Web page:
Hackers Attacking Linux SSH Servers to Deploy Scanner Malware | #hacking | #cybersecurity | #infosec | #comptia | #pentest | #hacker

Hackers often target Linux SSH servers due to their widespread use in hosting critical services, and the following loopholes make them vulnerable, providing opportunities to hackers for unauthorized access and potential exploitation:-

  • Weak passwords
  • Unpatched vulnerabilities
  • Misconfigurations

Cybersecurity researchers at AhnLab Security Emergency Response Center (ASEC) recently identified that hackers actively attack the Linux SSH servers to deploy scanner malware.

Technical analysis

Threat actors target poorly managed servers, seeking IP and SSH credentials for DDoS and CoinMiner malware. IP scanning identifies active SSH ports, followed by brute force attacks. More CoinMiners mean increased cryptocurrency mining. 

DDoS attacks grow in power with more controlled bots, and to install more malware, actors need target information besides DDoS and CoinMiners, malware scans, and attacks vulnerable systems. 

Meanwhile, SSH scanner malware DDoS bots and CoinMiners may be installed. Besides this, some actors install scanners, selling breached info on the dark web.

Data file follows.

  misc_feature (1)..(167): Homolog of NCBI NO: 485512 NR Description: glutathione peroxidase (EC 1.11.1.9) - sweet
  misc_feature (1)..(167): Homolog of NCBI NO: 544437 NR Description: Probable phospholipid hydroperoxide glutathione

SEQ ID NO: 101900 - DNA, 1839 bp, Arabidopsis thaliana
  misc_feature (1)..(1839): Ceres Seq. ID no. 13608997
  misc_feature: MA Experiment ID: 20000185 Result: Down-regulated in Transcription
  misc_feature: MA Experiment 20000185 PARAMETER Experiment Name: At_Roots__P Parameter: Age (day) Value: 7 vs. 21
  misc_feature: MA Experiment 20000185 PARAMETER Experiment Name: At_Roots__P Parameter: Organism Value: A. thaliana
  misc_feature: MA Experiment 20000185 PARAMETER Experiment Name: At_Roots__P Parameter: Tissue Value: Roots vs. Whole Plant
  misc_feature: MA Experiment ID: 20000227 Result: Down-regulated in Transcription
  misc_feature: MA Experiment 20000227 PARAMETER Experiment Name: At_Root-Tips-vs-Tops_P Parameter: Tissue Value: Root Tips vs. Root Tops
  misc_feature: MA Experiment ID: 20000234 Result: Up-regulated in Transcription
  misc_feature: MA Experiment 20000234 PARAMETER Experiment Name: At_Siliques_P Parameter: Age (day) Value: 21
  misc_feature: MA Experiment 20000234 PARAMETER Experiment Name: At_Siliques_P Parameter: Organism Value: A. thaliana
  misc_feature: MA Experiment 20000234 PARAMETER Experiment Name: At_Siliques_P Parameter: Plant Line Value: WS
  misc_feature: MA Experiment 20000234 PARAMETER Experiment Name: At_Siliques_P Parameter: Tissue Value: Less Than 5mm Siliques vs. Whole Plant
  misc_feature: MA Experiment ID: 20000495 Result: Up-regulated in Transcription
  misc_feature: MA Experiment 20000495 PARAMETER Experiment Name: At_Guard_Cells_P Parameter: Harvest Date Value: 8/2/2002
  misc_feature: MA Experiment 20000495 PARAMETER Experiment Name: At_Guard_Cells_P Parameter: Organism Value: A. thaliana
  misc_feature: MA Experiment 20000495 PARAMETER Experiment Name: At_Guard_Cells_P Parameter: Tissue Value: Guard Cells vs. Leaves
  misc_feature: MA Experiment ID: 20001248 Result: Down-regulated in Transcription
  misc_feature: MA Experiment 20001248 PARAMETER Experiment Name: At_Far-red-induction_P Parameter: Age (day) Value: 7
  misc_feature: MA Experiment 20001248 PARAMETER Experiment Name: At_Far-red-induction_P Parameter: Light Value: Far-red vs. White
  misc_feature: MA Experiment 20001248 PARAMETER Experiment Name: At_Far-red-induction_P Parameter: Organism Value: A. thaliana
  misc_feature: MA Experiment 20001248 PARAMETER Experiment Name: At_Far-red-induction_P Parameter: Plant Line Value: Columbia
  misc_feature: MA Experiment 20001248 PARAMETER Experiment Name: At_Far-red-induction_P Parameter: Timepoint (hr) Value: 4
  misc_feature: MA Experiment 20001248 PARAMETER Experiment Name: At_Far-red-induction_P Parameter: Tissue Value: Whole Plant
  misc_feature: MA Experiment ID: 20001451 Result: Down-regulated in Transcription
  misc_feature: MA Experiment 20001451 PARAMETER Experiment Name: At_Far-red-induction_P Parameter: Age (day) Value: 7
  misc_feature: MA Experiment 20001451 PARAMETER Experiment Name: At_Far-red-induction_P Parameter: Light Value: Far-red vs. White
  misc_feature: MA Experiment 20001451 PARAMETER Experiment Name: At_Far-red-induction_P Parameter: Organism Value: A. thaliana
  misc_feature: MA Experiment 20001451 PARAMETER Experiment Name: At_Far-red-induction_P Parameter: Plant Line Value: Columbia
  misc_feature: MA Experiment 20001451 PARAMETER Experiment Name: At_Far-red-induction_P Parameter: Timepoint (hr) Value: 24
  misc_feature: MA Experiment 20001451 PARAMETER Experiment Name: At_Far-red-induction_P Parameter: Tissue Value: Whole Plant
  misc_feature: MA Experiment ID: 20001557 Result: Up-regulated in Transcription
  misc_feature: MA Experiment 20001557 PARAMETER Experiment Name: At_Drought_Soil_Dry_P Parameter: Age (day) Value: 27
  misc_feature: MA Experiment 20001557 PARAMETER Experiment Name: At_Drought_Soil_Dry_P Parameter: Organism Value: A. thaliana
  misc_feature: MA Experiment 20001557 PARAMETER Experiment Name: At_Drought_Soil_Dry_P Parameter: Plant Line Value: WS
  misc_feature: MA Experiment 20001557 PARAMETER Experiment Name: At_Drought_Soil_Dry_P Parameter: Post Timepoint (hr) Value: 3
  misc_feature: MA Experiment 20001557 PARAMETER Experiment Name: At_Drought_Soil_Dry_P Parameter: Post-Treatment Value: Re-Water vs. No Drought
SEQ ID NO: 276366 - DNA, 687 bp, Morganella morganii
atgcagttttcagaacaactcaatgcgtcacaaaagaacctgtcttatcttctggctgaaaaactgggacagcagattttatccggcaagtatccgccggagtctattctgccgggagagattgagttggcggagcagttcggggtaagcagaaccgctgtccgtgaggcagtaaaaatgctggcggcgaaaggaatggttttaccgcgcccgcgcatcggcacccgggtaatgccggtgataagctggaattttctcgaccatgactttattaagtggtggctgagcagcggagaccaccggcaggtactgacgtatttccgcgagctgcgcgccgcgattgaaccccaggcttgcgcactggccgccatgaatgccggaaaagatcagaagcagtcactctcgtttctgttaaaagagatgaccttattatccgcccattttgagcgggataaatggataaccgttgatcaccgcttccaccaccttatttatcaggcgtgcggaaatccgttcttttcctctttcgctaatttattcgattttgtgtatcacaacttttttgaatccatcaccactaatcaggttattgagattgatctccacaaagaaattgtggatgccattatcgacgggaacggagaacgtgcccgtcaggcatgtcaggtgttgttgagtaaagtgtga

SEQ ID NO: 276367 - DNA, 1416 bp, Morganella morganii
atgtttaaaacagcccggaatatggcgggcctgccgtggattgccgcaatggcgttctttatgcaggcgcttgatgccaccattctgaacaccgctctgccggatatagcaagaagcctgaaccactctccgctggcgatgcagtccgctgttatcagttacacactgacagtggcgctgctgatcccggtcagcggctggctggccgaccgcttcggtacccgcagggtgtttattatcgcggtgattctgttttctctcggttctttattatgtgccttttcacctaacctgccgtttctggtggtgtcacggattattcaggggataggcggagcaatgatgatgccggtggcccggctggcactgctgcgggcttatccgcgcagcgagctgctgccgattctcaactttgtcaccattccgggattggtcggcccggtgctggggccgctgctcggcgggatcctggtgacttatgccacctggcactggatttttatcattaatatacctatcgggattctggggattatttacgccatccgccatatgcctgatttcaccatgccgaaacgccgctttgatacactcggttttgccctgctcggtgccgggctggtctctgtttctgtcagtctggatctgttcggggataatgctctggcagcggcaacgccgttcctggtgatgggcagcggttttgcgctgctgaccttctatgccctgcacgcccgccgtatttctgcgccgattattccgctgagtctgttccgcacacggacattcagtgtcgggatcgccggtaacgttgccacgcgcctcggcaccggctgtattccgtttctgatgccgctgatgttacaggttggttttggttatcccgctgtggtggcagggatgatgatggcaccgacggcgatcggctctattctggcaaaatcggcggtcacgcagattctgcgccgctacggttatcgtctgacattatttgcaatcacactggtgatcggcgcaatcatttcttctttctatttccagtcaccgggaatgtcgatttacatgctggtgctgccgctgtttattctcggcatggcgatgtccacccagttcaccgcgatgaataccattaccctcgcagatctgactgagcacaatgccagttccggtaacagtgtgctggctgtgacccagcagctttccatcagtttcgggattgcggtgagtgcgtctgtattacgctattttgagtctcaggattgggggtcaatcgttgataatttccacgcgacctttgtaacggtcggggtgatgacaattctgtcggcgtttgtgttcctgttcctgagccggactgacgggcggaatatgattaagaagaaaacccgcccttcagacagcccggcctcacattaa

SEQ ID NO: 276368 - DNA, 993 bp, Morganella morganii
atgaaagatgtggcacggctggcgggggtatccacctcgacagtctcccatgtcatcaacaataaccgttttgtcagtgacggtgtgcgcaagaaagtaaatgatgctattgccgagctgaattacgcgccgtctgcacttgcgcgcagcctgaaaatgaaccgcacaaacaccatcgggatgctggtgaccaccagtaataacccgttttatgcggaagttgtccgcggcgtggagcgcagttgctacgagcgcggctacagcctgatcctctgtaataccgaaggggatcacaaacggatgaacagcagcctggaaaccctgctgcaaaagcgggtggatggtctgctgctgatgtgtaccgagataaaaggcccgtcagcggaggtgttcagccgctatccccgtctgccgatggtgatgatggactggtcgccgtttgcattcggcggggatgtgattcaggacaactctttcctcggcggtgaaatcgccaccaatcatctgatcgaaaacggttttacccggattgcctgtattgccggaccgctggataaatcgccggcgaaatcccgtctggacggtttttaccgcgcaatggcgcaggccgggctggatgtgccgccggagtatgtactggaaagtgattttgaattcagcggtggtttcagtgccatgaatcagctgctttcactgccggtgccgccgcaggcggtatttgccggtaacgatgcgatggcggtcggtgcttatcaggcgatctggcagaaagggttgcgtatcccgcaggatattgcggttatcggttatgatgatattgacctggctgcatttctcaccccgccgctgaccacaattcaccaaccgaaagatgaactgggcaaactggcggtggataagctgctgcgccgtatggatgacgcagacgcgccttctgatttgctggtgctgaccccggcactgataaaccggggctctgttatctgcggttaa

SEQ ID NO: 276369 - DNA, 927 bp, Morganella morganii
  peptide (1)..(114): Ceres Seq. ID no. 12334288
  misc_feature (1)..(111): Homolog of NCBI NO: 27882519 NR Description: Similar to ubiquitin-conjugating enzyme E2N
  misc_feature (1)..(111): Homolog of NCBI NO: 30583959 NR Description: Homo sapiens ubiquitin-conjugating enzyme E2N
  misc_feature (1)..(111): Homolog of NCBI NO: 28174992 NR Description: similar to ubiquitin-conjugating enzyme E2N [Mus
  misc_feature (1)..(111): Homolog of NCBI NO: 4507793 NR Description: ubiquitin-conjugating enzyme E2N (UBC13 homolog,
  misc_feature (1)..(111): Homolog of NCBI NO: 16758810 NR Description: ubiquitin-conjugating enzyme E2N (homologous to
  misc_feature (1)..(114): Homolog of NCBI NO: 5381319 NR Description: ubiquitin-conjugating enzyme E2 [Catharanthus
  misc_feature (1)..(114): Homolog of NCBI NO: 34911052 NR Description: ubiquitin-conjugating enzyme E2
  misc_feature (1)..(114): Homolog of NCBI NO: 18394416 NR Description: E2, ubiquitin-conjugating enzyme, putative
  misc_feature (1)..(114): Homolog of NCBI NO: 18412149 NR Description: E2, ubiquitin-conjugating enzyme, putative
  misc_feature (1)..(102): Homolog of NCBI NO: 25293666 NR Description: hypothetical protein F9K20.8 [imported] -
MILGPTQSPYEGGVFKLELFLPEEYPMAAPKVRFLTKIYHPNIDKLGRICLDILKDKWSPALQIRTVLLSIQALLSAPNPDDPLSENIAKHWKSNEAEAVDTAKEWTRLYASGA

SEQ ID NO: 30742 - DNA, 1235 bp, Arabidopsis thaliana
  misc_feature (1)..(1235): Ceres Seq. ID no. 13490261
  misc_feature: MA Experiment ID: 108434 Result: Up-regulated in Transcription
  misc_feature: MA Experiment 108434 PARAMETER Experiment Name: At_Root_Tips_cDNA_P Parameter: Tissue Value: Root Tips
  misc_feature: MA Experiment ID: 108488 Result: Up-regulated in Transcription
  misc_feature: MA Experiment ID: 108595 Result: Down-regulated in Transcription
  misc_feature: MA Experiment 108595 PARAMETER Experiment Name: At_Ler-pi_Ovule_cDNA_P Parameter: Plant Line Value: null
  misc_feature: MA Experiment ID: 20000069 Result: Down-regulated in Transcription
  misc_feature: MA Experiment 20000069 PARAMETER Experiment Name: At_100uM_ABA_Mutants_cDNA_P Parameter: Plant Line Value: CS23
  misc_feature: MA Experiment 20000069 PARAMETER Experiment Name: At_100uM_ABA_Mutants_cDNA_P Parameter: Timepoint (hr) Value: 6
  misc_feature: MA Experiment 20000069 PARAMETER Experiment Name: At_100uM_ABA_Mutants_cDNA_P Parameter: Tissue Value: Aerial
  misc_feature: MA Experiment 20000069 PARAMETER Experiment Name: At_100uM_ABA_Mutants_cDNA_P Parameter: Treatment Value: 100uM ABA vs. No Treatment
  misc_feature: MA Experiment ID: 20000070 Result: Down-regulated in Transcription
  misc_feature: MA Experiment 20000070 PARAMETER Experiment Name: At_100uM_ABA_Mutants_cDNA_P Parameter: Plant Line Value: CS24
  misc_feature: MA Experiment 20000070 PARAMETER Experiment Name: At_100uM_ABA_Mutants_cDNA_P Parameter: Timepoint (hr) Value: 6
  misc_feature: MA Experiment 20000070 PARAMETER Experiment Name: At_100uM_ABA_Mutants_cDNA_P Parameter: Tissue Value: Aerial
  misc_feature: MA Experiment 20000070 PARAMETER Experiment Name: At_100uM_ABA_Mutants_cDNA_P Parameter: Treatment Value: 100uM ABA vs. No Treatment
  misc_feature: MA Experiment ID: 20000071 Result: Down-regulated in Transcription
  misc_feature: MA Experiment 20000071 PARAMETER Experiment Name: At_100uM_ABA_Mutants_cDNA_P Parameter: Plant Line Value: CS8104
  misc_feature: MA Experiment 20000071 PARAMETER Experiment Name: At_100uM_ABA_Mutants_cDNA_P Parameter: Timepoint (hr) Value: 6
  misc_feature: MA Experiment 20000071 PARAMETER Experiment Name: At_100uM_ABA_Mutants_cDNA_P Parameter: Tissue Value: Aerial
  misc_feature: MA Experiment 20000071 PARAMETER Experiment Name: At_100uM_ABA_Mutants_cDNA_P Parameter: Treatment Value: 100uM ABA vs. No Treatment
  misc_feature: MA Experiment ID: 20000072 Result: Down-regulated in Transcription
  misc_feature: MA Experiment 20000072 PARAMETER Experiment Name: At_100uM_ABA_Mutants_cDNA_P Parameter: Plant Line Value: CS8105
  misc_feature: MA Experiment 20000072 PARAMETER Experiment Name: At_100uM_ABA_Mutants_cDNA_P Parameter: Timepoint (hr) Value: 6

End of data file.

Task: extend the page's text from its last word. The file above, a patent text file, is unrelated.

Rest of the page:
Here below, we have mentioned all the common malware that is installed in attacks against poorly managed Linux SSH servers:-

  • ShellBot
  • Tsunami
  • ChinaZ DDoS Bot
  • XMRig CoinMiner
  • Mirai
  • Gafgyt
  • XorDDoS

Threat actors deploy malware on Linux servers after logging in with stolen SSH credentials.

Classification of malware targeting Linux SSH servers (Source – ASEC)

Threat actor scans for active SSH (port 22) systems using stolen credentials for malware installation. 

The CPU core check command confirms the successful login. The actor downloads a compressed file with a port scanner and SSH attack tool. Notable commands include:-

Threat actor runs “go” script for port scanning, banner grabbing, and SSH dictionary attacks. “gob” and “rand” scripts allow IP class customization. 

The results are saved in “bios.txt” and banners in “banner.log.” The “prg” tool extracts IPs with “SSH-2.0-OpenSSH” from “bios.txt” to use in dictionary attacks, and the successful logins are stored in “ssh_vuln.” 

Besides this, the total CPU cores are checked using “grep -c ^processor /proc/cpuinfo.” After scanning and obtaining credentials, the actor repeats the process and installs the same tools.


To safeguard cybersecurity, researchers recommended the following mitigations:-

  • Always use strong
  • Regularly changed passwords
  • Update patches
  • Employ firewalls
  • Exercise caution with updated security versions like V3


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